Too Smooth, Baby, Too Smooth
Illuminate has all the qualities you’d expect from a veteran artist making her solo debut with an equally distinguished team of veteran producers and musicians—maybe too much of what you’d expect. It’s smooth, clean, and professional to the point of being nearly flawless. But it’s missing something… character, warmth, maybe just good old consistent songwriting. Put it this way: Illuminate is a great top-down summer driving album, but you may not be inclined to pop it out of the car stereo and bring it inside to your home hi-fi.
San Fransiscan Latrice Barnett has previously fronted soul act Five Point Plan and funk outfit Galactic. She’s toured as a bassist with Handsome Boy Modeling School, among others. And she’s lent her voice to soulful house tracks by a variety of big-names. She’s enlisted two of the biggest and hottest, Jay-J (Jason Hernandez) and Kaskade (Ryan Raddon), to co-produce Illuminate. And the textures are as lush and the basslines as deep as you’d expect from this team. So why is the overall package underwhelming?
In short, there are just too many breezy, yet interchangeable, uptempo house tracks. Those lush, twinkling keyboards and deep basslines start to become liabilities when you hear them in song after song. There are some highlights, like the sublimely groovy “Celebrate” and the seductive “Take It from Here”, which is the kind of thing Janet Jackson could be doing if she still were interested in making progressive music. But Latrice is usually all-too-happy to let the pleasant production do the talking where strong choruses and melodies should. The problem is exacerbated by a bloated 15-track, hour-plus runtime.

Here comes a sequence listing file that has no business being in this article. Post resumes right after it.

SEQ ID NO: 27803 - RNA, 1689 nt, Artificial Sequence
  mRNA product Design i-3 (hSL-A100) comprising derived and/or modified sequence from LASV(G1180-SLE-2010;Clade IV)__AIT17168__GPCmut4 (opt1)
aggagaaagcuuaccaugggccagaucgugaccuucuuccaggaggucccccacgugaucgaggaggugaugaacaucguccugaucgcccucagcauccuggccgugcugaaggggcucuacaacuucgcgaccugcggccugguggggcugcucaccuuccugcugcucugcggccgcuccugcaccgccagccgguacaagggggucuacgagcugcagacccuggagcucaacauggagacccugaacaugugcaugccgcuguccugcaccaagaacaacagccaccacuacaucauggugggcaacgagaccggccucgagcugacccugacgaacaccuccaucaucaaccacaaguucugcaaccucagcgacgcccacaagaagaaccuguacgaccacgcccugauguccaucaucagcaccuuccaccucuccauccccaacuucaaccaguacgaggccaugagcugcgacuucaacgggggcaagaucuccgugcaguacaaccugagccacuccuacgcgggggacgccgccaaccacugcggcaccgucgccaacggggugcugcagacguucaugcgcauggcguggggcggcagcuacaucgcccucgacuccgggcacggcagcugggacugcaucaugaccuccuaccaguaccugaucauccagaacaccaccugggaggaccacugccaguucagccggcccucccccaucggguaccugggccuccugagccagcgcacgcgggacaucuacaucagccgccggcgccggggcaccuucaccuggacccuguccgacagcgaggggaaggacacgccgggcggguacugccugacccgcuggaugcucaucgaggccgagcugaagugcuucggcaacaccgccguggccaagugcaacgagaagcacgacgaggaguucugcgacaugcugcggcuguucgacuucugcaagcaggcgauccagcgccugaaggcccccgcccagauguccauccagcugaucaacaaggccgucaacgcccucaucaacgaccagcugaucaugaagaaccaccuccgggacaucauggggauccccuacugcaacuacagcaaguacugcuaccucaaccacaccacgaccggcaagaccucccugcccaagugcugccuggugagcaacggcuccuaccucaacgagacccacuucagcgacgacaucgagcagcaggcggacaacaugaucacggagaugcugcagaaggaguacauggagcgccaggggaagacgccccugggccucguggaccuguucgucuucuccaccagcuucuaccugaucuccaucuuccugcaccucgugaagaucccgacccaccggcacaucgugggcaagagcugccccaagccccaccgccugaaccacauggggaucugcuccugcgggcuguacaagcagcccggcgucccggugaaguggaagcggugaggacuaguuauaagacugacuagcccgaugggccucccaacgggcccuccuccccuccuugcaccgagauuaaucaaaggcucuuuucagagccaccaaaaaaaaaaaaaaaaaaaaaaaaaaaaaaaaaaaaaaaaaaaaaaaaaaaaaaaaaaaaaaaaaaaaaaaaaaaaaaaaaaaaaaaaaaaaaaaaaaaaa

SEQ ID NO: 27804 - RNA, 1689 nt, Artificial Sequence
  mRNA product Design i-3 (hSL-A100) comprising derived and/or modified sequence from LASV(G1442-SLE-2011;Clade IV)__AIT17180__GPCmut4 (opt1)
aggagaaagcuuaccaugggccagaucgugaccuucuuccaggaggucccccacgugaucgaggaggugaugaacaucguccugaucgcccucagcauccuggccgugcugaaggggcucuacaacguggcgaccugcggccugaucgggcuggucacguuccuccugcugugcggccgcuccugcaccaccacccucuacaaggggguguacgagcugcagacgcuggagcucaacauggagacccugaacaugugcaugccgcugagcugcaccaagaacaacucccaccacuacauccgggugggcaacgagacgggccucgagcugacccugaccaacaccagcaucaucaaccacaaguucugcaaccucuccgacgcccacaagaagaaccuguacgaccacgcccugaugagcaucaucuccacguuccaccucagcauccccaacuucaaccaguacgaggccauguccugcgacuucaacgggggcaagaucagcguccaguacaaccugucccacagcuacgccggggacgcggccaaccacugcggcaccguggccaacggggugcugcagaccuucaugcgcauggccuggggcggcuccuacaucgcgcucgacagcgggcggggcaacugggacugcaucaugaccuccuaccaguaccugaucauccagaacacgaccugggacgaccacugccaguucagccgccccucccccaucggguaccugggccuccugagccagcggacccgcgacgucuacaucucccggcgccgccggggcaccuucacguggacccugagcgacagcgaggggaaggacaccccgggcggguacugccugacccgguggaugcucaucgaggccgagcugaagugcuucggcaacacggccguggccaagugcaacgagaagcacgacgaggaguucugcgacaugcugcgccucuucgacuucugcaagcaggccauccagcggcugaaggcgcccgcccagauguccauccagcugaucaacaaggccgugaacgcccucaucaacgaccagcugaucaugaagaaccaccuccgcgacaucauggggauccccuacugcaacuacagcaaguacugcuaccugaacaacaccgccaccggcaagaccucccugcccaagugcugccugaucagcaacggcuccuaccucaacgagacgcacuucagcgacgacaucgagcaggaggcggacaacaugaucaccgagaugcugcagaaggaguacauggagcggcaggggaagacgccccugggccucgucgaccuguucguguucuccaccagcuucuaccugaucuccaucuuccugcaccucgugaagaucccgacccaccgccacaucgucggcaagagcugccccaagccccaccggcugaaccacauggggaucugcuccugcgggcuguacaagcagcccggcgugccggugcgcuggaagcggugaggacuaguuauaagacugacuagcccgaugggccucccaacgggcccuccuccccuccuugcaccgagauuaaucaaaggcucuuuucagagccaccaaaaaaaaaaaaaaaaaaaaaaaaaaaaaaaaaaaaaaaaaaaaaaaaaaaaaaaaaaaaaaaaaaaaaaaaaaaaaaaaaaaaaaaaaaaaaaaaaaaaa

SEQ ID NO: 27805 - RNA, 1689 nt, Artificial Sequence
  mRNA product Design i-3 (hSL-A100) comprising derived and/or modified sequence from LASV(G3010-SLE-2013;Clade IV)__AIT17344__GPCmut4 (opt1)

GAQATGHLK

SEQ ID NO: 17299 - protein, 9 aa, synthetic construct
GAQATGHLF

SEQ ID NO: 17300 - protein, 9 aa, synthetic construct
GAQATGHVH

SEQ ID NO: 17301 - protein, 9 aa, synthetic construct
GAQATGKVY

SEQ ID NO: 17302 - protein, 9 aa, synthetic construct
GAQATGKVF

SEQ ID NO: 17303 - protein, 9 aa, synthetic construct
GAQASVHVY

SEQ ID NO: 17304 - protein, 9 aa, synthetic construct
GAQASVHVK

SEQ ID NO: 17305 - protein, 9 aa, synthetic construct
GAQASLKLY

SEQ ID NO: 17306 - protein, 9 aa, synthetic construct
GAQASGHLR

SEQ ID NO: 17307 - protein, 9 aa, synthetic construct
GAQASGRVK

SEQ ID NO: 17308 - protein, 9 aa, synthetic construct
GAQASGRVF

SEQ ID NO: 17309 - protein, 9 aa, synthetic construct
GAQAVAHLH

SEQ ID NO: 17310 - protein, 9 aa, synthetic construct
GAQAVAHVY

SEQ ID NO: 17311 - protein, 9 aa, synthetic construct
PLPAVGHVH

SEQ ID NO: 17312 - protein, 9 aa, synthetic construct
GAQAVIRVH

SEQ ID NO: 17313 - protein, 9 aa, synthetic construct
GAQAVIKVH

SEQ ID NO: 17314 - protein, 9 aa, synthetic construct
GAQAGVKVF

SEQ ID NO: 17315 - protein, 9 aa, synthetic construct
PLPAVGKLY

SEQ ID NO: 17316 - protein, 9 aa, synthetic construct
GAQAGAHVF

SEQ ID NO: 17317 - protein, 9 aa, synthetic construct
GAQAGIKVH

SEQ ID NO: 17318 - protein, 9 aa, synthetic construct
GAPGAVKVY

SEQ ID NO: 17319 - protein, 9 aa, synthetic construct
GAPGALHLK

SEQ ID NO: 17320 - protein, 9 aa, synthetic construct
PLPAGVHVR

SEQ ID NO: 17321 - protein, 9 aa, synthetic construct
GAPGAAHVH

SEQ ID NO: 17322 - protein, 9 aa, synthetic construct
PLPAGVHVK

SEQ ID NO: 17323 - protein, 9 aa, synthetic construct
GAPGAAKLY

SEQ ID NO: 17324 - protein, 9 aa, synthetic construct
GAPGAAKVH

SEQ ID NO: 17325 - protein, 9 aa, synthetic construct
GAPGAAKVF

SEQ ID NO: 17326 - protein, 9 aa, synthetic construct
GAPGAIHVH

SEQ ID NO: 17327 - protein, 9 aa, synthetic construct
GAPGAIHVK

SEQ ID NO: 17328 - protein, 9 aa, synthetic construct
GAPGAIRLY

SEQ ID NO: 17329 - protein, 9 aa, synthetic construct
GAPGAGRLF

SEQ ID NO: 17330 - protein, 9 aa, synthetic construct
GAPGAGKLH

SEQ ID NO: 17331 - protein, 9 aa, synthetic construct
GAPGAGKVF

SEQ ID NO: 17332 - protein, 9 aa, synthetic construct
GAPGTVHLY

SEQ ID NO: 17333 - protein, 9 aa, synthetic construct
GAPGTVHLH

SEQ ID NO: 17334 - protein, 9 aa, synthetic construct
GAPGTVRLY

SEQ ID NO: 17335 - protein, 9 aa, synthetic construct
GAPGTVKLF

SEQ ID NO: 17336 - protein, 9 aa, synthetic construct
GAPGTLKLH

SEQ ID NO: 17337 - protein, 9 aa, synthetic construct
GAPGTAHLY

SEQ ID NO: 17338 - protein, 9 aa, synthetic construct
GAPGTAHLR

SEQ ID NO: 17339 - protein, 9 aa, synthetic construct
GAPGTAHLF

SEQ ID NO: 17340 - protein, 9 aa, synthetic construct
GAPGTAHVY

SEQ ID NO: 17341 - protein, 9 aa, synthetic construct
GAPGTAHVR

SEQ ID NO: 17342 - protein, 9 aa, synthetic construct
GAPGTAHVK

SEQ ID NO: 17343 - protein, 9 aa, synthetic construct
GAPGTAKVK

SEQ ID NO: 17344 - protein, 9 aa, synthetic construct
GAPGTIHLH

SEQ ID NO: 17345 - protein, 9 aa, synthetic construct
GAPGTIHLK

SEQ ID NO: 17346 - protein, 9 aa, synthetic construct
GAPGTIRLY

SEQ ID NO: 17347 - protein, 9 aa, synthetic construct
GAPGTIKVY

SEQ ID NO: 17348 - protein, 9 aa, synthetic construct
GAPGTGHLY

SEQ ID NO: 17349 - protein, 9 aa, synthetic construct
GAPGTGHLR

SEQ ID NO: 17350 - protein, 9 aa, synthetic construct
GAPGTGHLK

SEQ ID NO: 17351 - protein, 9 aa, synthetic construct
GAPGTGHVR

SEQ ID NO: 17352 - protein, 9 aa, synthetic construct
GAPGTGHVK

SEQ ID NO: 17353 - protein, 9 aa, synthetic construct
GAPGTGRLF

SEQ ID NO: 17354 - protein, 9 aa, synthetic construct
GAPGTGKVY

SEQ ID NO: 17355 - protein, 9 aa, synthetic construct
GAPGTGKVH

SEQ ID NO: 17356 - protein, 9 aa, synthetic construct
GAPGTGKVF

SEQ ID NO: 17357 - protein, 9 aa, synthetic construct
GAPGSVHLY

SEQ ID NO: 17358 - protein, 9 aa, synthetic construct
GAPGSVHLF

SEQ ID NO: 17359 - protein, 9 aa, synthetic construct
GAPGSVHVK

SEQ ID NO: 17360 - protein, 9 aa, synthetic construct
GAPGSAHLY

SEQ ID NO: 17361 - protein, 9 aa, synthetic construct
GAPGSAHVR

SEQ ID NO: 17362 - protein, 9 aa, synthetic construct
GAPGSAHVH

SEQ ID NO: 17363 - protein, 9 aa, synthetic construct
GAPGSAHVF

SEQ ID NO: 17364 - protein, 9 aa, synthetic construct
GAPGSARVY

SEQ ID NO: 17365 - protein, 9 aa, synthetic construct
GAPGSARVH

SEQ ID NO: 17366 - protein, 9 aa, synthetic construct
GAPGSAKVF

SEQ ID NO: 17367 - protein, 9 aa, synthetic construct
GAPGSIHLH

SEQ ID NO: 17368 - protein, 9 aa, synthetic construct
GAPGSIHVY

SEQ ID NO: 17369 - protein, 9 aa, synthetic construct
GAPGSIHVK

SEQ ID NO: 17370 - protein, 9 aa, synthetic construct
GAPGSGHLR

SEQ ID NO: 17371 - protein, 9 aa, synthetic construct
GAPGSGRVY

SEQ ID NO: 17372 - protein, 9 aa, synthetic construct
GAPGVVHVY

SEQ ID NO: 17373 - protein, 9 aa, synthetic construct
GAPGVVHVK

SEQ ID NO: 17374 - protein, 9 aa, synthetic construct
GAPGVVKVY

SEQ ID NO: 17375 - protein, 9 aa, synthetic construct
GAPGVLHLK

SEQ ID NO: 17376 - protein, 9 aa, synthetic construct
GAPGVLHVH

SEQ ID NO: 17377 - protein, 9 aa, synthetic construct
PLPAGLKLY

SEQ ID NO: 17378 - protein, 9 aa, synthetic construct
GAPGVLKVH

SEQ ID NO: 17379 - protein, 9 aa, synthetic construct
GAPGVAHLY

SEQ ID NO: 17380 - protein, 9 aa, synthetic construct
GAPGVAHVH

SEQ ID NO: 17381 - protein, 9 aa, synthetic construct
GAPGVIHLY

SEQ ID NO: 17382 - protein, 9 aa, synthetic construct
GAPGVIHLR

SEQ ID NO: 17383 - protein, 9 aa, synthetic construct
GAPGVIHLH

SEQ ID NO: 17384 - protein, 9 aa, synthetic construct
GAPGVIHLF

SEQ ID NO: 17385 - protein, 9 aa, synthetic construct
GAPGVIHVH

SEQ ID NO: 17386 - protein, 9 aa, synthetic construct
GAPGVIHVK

In an interesting twist, Illuminate‘s true high points come when Latrice strays away from the script and ventures beyond soul-house territory. The title track, for example, is a guitar-strumming, shimmering pop treat. “Lessons Learned” is an excellent ballad, complete with jazzy arrangement and some cracking live drums. Spoken-word electro psyche-out “déjà vu” isn’t a total winner, but it’s engaging. “Bless This House” is one of the best dance tracks for Latrice’s spiritual conviction and openness; she’s singing about God, but when she says, “Guide us through these long nights”, the subject could just as well be house music itself. Finally, “Alive” is another example of strong, jazzed-up R&B.
You can imagine that Latrice and her team wanted to keep up the energy with a slate of consecutive house tracks, or maybe they didn’t want to throw off her core house music audience. But burying these more varied moments in the album’s second half was a mistake. Another pitfall is the producers’ over-reliance on multi-tracking Latrice’s voice. It’s a sweet, warm voice, but also slight. The layering adds heft and works on some tracks, but on the dance tracks especially it only serves to squash out character. There are plenty of over-processed female vocalists out there in the dance/pop world already.
All this might be making Illuminate out to be a “bad” album. Frustratingly, it’s not. Equally frustratingly, it falls far short of the potential hinted at by its best songs. It’s too bad that the eclectic, inviting tracks on Illuminate have to serve as exceptions that prove the rule.